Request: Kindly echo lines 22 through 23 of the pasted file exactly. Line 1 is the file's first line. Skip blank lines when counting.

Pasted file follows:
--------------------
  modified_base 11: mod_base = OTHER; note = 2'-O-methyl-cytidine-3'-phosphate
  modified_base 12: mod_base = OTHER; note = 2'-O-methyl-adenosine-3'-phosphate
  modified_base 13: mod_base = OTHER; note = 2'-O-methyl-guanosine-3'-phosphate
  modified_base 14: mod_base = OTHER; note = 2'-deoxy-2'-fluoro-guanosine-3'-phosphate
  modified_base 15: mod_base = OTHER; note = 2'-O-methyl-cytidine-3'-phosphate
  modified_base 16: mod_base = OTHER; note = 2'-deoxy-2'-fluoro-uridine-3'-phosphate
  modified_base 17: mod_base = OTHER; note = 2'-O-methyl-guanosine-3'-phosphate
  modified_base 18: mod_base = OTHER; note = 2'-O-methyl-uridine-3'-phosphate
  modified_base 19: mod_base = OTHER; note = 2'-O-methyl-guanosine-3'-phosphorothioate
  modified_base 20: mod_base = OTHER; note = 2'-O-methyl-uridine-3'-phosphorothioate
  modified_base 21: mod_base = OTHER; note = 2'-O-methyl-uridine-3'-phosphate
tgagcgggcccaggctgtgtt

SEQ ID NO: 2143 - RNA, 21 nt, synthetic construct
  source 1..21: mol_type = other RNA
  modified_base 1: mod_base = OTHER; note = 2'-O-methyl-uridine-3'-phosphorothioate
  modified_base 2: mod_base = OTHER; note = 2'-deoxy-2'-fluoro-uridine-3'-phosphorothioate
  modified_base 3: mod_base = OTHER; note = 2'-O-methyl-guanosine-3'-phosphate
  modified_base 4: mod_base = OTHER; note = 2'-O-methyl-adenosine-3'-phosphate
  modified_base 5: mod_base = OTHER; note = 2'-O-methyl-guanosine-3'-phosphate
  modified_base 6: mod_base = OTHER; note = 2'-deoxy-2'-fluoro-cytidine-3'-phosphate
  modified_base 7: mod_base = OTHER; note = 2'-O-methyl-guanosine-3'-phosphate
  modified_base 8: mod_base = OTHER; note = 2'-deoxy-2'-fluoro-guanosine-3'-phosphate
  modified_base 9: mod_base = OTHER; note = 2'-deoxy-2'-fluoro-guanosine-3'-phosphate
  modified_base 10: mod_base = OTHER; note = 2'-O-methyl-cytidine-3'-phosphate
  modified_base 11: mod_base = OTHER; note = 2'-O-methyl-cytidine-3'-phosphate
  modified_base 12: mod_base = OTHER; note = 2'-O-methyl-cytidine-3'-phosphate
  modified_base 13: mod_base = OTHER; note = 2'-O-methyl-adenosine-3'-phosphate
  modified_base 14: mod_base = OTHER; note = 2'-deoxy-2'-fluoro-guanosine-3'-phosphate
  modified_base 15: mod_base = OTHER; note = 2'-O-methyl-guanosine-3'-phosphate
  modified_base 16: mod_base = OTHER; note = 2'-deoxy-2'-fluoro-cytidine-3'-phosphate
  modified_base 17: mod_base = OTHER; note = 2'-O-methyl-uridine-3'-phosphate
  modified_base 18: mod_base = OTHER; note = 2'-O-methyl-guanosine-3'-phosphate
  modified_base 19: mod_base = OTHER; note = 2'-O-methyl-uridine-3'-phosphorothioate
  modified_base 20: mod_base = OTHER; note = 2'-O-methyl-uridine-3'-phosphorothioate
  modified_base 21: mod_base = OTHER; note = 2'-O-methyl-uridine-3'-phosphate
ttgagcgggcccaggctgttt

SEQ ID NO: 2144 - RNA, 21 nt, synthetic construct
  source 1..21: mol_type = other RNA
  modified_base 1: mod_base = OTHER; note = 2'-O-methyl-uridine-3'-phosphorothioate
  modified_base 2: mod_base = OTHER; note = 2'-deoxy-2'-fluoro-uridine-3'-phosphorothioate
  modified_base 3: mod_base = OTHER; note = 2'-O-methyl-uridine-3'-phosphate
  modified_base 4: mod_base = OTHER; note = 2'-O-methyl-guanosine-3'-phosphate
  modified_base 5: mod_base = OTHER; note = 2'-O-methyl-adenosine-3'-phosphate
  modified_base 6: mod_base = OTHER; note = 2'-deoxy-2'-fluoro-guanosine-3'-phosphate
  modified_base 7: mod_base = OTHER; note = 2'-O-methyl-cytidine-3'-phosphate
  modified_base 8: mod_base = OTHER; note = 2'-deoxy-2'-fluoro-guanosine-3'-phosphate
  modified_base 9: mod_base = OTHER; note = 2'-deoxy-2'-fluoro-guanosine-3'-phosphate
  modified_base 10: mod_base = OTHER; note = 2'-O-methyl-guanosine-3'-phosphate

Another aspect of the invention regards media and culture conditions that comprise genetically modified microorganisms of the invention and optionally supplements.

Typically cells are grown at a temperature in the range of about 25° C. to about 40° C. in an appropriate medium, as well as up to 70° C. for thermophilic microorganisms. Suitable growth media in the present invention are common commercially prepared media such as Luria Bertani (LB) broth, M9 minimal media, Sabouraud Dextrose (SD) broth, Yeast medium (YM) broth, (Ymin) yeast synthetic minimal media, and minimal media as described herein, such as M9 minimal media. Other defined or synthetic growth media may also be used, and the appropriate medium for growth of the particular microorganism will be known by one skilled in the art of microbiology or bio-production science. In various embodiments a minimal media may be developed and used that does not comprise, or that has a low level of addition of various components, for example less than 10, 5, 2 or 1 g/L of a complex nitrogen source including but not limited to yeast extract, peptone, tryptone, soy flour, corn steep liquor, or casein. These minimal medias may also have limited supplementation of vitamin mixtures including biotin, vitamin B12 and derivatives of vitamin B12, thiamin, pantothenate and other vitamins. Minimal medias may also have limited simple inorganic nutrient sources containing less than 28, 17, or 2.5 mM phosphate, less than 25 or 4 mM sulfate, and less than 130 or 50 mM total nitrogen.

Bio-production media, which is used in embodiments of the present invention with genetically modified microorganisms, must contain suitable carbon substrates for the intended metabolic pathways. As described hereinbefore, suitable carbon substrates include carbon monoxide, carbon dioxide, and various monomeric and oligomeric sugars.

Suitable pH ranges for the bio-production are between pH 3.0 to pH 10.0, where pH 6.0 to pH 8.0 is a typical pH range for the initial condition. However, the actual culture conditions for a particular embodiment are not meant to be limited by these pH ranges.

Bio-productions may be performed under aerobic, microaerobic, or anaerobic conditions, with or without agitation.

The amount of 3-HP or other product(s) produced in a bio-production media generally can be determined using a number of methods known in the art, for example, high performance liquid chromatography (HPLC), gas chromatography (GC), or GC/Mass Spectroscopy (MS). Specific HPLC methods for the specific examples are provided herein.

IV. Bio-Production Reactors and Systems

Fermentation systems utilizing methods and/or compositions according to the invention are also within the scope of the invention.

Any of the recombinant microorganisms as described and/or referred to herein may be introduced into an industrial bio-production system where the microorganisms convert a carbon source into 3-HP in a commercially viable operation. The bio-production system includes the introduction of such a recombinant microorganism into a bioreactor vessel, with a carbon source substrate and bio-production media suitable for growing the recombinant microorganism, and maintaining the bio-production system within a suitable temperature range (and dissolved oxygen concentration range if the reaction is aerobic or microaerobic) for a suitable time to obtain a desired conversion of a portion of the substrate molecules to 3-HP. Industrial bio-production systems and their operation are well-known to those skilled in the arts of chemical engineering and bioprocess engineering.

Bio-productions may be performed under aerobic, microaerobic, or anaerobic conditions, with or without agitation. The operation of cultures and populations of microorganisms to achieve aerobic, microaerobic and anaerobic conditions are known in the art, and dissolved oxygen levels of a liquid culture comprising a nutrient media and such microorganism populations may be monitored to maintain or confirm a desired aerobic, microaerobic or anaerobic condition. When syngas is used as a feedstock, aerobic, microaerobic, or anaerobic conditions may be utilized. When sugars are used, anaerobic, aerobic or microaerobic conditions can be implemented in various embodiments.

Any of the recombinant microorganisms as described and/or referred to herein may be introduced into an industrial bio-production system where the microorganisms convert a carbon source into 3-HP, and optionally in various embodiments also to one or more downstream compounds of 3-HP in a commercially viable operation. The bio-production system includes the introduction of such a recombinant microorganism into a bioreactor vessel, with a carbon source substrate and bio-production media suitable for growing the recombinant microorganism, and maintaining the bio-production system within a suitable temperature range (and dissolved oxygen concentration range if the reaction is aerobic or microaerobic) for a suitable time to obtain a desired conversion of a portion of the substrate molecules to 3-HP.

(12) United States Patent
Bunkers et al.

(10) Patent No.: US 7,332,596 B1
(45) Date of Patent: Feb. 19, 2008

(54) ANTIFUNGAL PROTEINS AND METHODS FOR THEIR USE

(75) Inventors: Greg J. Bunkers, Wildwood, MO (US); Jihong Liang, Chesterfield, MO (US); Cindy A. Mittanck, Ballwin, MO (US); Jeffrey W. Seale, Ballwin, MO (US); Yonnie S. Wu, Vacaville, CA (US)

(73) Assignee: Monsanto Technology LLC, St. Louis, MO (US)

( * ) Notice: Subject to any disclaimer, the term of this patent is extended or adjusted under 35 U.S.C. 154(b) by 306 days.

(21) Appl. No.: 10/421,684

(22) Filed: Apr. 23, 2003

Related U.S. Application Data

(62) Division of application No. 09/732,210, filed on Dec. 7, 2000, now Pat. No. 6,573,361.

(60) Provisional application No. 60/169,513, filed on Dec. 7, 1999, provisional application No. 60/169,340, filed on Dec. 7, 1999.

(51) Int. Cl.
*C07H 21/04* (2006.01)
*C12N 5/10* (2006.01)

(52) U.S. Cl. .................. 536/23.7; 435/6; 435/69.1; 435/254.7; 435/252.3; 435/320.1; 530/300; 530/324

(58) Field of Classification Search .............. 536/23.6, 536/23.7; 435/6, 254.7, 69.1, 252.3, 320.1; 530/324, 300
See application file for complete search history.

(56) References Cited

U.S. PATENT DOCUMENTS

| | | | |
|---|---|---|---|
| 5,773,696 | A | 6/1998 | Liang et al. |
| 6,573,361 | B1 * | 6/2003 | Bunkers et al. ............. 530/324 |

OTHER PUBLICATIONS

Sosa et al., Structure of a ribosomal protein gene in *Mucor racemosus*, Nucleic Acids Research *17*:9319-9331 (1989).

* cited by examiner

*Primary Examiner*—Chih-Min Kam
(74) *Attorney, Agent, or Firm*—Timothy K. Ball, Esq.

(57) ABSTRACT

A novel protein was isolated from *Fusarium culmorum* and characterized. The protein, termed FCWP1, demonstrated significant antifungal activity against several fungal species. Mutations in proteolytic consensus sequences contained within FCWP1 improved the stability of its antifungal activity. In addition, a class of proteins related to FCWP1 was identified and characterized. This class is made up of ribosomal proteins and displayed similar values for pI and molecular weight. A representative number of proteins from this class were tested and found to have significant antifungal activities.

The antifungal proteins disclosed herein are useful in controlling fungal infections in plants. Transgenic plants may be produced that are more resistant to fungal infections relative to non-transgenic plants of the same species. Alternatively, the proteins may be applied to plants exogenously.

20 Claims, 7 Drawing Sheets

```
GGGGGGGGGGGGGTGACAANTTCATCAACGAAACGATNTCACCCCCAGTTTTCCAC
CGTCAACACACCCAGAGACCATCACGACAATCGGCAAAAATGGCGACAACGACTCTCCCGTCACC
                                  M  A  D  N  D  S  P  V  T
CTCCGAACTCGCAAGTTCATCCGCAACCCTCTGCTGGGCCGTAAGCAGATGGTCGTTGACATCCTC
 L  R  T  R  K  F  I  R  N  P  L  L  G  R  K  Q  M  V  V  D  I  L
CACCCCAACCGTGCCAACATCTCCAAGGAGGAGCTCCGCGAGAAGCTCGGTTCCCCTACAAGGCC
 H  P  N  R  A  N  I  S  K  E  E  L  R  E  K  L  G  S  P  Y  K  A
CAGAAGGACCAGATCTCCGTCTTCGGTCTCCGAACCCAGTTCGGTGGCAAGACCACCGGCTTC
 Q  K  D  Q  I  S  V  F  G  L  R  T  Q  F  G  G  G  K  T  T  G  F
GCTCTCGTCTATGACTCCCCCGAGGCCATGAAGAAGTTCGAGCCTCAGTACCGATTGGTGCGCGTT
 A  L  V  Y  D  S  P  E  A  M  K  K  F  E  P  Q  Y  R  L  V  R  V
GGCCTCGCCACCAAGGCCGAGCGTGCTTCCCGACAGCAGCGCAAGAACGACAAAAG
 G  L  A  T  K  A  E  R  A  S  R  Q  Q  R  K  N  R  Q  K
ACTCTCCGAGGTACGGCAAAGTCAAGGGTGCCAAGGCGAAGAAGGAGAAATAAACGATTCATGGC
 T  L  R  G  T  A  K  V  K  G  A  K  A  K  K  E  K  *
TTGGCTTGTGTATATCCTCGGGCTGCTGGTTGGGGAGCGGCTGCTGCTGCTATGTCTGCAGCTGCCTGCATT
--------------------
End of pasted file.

  modified_base 8: mod_base = OTHER; note = 2'-deoxy-2'-fluoro-guanosine-3'-phosphate
  modified_base 9: mod_base = OTHER; note = 2'-deoxy-2'-fluoro-guanosine-3'-phosphate